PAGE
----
In this issue of Blood, Garg et al report on their investigation of the molecular interaction between mutations affecting DNMT3A and NPM1, and internal tandem duplications (ITDs) of FLT3 in acute myeloid leukemia (AML). They found that when the 3 mutations cooccur in AML, they synergize to drive increased expression of hepatic leukemia factor (HLF), a transcription factor, and are associated with particular characteristics such as increased leukemic stem cell (LSC) frequency and an aberrant immunophenotype (GPR56highCD34low), which seem to be at least in part attributable to overexpression of HLF. Their findings establish HLF overexpression as an important mediator of the adverse phenotype and propose that HLF or its downstream effectors represent potential therapeutic vulnerabilities of this poor-prognosis AML subtype.1
Large-scale sequencing studies have revealed the considerable genetic heterogeneity of AML and have identified recurrent mutations in more than 75 genes and chromosomal regions.2,3 Within this complex landscape, patterns of significant cooccurrence and mutual exclusivity allude to mechanistic interactions between different mutations and help define genetic subtypes of AML. Perhaps the most striking such pattern is the 3-way cooccurrence of mutations affecting DNMT3A (particularly at the R882 codon), NPM1 (cytoplasmic mutants, NPM1c), and FLT3 (predominantly FLT3-ITD). The pattern is seen in 6% to 8% of all cases of AML,2,3 a strikingly high percentage for a 3-gene comutation, yet little is known about its precise molecular underpinnings. Furthermore, clinical outcome data show that DNMT3A/NPM1/FLT3-ITD triple-mutant AML has a particularly bad prognosis with a long-term survival below 20%,2 the basis for which is not understood.
To provide insights into these observations, Garg et al initially studied surface expression of the LSC marker GPR56 (which they identified previously4 ) on these AML cells and found that the aberrant GPR56highCD34low immunophenotype was specific to triple-mutant leukemic cells and was not seen in normal hematopoietic stem and progenitor cells (HSPCs) or in AML subclones that did not harbor all 3 mutations. They proceeded to study the transcriptome of triple-mutant AML cells using RNA sequencing and, after focusing specifically on differentially expressed transcription factors, they identified HLF overexpression as a characteristic feature of these leukemias. HLF was originally identified as a partner in the E2A-HLF fusion gene in pediatric acute lymphoblastic leukemia,5 and it also has important roles in normal hematopoiesis,6,7 but it has not been reported to have a role in AML. By examining publically available CpG methylation data sets in AML, they found that HLF overexpression was in fact associated with hypomethylation of its promoter, a feature encountered more commonly in AMLs with DNMT3A R882 mutations than in those with wild-type DNMT3A.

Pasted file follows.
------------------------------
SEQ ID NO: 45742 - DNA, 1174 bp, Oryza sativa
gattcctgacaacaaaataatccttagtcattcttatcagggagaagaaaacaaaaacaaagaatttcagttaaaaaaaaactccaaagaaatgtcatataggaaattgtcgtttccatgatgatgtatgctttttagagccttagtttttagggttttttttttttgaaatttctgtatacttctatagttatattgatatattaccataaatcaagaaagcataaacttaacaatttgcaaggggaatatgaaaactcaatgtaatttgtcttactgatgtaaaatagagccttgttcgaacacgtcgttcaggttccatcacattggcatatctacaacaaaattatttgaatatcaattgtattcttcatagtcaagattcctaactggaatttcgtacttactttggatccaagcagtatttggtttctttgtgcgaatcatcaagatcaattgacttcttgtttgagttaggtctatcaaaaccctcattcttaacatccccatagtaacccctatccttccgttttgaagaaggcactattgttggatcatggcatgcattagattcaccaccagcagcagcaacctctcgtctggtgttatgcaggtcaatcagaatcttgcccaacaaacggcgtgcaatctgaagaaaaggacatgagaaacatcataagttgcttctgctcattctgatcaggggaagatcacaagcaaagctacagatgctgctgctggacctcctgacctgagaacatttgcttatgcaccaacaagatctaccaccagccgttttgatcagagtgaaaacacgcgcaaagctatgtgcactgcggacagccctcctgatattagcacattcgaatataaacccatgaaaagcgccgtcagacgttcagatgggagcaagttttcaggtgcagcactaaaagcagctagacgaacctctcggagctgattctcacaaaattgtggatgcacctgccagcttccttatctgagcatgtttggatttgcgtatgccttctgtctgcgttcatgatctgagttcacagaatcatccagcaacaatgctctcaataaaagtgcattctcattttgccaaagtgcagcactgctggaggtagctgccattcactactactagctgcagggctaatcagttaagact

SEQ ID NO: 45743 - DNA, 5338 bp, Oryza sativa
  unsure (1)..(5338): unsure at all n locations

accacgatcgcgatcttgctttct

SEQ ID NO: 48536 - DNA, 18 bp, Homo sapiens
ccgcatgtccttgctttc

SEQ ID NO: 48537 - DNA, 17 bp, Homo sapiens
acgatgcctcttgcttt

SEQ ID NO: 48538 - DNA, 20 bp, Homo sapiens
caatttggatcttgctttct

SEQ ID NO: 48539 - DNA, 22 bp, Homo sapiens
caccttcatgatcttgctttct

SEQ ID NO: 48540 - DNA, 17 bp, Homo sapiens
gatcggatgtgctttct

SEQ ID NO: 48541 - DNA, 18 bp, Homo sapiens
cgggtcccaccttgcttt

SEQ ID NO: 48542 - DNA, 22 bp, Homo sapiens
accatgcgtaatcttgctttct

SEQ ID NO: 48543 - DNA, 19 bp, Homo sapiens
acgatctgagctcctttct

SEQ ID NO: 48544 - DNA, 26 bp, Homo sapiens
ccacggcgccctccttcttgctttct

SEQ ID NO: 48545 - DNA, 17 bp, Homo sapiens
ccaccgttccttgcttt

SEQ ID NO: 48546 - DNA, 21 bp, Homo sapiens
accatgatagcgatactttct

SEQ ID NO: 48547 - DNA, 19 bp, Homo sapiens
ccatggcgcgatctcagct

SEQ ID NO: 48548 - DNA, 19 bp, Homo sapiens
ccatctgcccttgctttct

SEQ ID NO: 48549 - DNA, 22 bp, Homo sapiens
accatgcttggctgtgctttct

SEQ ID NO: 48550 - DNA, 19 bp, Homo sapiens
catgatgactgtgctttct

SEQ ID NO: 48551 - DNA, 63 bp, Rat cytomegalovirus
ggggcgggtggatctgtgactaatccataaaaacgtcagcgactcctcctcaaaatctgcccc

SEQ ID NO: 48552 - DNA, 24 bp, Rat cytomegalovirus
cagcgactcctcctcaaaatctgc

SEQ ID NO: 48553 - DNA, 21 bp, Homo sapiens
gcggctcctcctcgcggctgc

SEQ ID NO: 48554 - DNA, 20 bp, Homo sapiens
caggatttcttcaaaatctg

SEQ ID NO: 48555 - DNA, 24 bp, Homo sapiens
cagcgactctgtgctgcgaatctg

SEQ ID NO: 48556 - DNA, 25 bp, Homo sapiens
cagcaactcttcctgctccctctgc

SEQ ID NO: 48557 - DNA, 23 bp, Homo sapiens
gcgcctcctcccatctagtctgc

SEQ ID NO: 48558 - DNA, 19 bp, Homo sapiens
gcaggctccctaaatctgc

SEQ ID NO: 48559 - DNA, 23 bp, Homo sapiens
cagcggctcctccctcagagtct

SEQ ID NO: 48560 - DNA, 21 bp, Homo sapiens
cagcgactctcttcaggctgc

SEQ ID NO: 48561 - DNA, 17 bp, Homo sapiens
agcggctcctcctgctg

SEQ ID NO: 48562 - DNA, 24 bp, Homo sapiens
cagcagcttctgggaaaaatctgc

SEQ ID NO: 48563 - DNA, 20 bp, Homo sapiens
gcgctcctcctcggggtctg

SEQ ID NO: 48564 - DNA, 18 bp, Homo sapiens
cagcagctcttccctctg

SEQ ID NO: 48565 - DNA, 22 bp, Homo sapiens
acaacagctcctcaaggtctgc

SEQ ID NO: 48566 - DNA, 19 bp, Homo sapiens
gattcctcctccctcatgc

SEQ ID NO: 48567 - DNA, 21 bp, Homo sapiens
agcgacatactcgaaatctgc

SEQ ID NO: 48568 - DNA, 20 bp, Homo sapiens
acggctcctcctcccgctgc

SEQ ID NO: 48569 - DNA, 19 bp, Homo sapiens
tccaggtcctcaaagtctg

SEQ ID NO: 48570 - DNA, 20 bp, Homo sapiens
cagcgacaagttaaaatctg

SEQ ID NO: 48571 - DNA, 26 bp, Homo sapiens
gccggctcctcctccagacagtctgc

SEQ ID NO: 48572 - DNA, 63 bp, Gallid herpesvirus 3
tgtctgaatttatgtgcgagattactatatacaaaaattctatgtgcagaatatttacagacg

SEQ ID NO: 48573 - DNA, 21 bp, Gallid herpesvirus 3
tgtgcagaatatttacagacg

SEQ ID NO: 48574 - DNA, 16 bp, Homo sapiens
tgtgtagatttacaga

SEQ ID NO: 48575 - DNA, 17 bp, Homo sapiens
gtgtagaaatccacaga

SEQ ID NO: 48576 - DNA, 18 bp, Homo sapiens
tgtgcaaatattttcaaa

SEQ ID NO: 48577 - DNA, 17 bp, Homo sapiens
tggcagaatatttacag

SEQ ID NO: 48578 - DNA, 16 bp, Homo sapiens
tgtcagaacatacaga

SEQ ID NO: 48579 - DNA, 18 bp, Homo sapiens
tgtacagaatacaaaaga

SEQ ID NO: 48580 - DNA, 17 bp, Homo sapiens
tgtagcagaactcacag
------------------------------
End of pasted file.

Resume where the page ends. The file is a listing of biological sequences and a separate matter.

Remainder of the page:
Having identified HLF overexpression to be characteristic of triple-mutant AML, Garg et al investigated whether this had a pathogenetic role by using xenotransplantation into immunodeficient mice. They report that genetic disruption of HLF with CRISPR-single guide RNA (sgHLF) in a human triple-mutant AML xenograft was associated with reduction in the LSC-rich GPR56+CD34+ and expansion in the LSC-poor GPR56–CD34– cell compartments. This phenotype was associated with reduced ability of engrafted sgHLF-targeted AML cells to proliferate when reintroduced into culture ex vivo and a further reduction in the GPR56+CD34+ compartment upon secondary transplantation.
To understand the mechanistic basis of these leukemogenic effects of HLF overexpression, the authors used label-retention and 5-ethynyl-2-deoxyuridine (EdU) pulse-chase studies to characterize the impact of HLF loss on cell cycle and proliferative properties of AML cells. They report that sgHLF-targeted cells progressed through the cell cycle faster, divided more often, and were more sensitive to anti-AML drugs, including cytarabine and daunorubicin, than were control cells. To delve into the molecular basis for this phenomenon, they studied gene expression changes upon short hairpin RNA–mediated inhibition of HLF in the same triple-mutant AML cells. Among other effects, this resulted in downregulation of the cyclin-dependent kinase inhibitor gene CDKN1C and the NOTCH target gene hairy and enhancer of split 1 (HES1), which are plausible mediators of the ability of HLF overexpression to slow down cell cycle progression and maintain the LSC-rich GPR56+CD34+ compartment, respectively (see figure). Garg et al propose that HLF plays an important leukemogenic role in triple-mutant AML and is likely to be at least in part responsible for the poor prognosis of triple-mutant AML. Thus HLF and its effectors represent possible therapeutic vulnerabilities of this and potentially other AML subtypes.
Beyond providing novel insights into the molecular pathogenesis of AML, the article by Garg et al also represents an important paradigm in the study of carcinogenesis by demonstrating that the combined molecular effects of multiple oncogenic mutations can have unpredictable consequences that can influence cellular phenotype, clinical behavior, and responsiveness to therapy. Researchers and clinicians need to bear this in mind when considering the large number of AML cases driven by other combinations of 3 or more mutations, which are rare or even unique and cannot easily be studied in the same way. Although this is a sobering thought, it may also be safe to assume that the reason some mutations cooccur only rarely is that they are not able to synthesize powerful molecular effects in combination, unlike the 3 mutations studied here.
Conflict-of-interest disclosure: G.S.V. is a consultant to Kymab and OxStem.
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